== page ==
Kellimni offers three options to those wanting to reach out. The site originally started out with an email service – which is still operational – as well as an online forum (which has since been discontinued). Clients can also get in touch with Kellimni’s operators through a live chat – open every day except Sunday from 7pm to 11pm – and the service has also just launched a SmartMessaging app.
“The thing is that we’re fully aware that some of our clients – or prospective clients – may be living on the poverty line, and might not have access to even a rudimentary laptop with an internet connection. But they may just be able to get their hands on a phone, and you don’t even need a sim card to use our app,” James says.
“Imagine somebody is telling you their story and their problems – which can sometimes get pretty intense – until suddenly, they simply decide to leave. This can be pretty hard to deal with…”
Another crucial element of the Kellimni approach is that all clients can choose to remain anonymous, which ensures they are kept fully at ease when engaging with the service. But James admits that this can become psychologically taxing for the operator – and that it’s perhaps one of the greatest challenges their operators – both the professional social workers and counsellors in their stable, as well as the volunteers – have to come to terms with.
“The client can choose to become anonymous, or just interrupt the chat at any time. So imagine somebody is telling you their story and their problems – which can sometimes get pretty intense – until suddenly, they simply decide to leave. This can be pretty hard to deal with…”
And what have been some of the most consistent problems that the Kellimni folk have dealt with over the past years, or even months? As it happens, they acknowledge that “trends” do exist.
“For example, up until the last year or so, self-harming was pretty… shall we say, hot. This was considered to be something relatively new to Malta, so it became something of a novelty even for us. Of course, the media amplified things too, and then you had all these teenage pop stars talking about it then it’s bound to have an effect… you’ll also get copycats, and so on,” James says.
There are also more persistent – or shall we say, ‘universal’ – concerns too. Issues related to loneliness and social anxiety are, understandably, recurring problems that Kellimni’s clients bring up. “Basically, anything to do with self-esteem,” James says.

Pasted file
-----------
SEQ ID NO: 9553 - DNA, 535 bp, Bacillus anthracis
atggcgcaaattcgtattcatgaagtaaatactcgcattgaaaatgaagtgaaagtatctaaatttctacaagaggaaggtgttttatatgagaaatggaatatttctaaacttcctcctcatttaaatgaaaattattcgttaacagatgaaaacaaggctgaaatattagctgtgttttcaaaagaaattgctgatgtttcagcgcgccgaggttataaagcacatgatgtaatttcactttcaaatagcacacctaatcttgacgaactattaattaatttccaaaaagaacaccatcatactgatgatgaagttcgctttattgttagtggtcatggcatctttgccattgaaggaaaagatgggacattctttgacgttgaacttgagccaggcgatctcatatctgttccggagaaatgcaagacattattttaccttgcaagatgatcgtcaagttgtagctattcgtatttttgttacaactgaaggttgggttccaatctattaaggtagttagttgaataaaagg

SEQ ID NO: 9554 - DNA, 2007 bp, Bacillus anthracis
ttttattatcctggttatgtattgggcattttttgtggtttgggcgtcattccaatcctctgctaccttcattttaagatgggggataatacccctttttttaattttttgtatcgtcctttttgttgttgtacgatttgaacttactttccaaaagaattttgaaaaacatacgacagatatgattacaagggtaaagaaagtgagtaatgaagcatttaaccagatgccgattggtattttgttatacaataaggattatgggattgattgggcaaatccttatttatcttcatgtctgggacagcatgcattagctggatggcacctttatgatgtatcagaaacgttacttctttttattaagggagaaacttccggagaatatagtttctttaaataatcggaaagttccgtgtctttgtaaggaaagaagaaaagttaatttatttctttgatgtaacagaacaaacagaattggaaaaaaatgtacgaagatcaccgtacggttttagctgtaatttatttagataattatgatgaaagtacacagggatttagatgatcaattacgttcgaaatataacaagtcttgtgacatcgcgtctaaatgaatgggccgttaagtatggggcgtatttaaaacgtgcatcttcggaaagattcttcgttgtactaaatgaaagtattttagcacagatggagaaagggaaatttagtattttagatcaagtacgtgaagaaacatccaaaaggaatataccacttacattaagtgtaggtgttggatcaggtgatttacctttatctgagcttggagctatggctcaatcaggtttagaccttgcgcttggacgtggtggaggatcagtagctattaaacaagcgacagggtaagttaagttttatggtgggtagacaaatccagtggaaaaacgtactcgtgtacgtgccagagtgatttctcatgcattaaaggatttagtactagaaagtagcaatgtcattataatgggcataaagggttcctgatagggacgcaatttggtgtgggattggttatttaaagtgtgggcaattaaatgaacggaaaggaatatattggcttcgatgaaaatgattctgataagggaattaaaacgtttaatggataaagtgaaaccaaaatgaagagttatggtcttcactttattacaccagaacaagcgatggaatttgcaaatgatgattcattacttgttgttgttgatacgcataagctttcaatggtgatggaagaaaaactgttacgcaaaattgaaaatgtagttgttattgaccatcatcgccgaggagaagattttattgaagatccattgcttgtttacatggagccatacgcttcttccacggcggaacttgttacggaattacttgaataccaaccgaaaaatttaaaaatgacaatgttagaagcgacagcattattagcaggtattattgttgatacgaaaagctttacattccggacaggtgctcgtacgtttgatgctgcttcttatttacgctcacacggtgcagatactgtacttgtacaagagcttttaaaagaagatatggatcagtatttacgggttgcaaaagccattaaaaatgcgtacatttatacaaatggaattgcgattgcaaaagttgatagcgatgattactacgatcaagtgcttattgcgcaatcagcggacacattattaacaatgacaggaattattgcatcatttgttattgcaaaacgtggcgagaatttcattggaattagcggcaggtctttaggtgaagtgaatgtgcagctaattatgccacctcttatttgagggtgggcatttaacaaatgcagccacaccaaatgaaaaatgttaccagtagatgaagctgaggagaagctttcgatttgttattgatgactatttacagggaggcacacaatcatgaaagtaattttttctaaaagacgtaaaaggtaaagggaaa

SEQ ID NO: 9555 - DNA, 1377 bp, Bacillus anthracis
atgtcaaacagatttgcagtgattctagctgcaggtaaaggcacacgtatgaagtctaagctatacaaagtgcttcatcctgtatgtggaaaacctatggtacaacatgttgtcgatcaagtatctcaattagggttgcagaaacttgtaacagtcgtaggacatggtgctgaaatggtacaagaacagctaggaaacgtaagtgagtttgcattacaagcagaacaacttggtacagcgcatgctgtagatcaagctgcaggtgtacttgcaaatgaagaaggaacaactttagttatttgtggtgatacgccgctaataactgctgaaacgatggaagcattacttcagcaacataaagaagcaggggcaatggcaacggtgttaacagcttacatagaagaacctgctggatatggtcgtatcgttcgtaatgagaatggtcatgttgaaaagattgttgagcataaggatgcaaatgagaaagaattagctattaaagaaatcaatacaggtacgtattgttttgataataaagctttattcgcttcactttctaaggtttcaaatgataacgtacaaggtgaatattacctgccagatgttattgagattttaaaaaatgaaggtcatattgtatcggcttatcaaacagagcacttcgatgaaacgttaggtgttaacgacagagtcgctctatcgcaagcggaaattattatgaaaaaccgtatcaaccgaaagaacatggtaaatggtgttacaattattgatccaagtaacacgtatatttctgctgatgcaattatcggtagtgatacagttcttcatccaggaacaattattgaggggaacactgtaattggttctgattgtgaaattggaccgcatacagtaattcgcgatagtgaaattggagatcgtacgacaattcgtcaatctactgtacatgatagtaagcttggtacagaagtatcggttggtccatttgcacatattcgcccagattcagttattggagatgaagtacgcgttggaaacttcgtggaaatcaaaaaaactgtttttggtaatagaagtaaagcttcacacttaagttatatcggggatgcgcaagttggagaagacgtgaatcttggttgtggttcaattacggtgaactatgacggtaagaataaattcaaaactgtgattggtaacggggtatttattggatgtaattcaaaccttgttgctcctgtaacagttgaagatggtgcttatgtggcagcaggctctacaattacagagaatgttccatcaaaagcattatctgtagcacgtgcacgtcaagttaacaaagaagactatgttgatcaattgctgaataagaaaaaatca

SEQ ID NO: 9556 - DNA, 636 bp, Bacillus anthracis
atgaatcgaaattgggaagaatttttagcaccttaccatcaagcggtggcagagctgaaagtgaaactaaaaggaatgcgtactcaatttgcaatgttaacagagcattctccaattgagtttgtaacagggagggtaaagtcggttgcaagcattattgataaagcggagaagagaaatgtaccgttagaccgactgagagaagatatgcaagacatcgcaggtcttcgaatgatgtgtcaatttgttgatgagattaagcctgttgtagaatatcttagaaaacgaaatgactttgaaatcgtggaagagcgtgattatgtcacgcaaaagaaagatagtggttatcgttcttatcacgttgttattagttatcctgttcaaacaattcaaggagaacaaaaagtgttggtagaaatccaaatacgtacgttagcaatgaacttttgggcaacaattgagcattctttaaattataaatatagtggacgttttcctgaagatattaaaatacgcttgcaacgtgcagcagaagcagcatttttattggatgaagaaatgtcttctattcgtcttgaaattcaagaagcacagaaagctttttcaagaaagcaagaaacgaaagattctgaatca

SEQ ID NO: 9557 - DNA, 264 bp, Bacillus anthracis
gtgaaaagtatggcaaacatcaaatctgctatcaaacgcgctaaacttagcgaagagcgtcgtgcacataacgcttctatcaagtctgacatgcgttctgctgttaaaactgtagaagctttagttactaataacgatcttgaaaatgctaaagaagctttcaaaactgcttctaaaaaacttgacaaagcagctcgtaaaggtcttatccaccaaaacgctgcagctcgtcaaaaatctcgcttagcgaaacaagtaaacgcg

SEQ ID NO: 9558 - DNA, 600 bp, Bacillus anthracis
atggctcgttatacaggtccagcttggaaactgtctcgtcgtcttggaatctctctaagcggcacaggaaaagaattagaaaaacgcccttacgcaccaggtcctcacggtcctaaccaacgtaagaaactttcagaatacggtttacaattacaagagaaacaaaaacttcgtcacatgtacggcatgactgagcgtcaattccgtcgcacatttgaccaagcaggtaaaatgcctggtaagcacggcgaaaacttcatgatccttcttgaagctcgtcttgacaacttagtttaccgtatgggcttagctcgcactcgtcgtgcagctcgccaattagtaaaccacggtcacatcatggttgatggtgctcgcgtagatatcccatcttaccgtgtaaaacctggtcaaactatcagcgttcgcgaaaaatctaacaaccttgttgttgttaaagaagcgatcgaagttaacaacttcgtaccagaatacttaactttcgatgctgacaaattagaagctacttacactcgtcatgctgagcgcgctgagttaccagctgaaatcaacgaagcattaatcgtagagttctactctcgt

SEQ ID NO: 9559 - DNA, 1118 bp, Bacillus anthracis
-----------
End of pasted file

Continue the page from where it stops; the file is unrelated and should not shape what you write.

But the fact remains that the service is being used, and at an exponentially increasing rate. And according to James, they owe this as much to the medium as the message.
“When the service first became available, we found out that Maltese people, of all ages, still appeared to be reluctant to open up about their problems. But then, the internet appeared, and a whole generation started becoming more and more comfortable with expressing themselves. This is what we wanted to build on,” James says.
Kellimni also keeps active in the ‘offline’ world – with the aforementioned Red Cross volunteers helping to spread the word in schools and during other events (“We found that stickers work really well,” James confesses).
Another of the volunteers helps out with the online dimension, ensuring that Kellimni are active and visible on social media – a crucial lifeline for a service of its kind.
“Being younger, the volunteers know how to reach out to our audience. In fact, at the beginning I used to try my hand at designing some graphics and images for Facebook. I thought they were good, but then I found out that actually, they’re really shit,” James says, and lets out the most disarming laugh you can think of.
Log on to Kellimni.com to find out all about their services. The project is funded through the Voluntary Organisations Project Scheme managed by the Ministry for Social Dialogue, Consumer Affairs and Civil Liberties.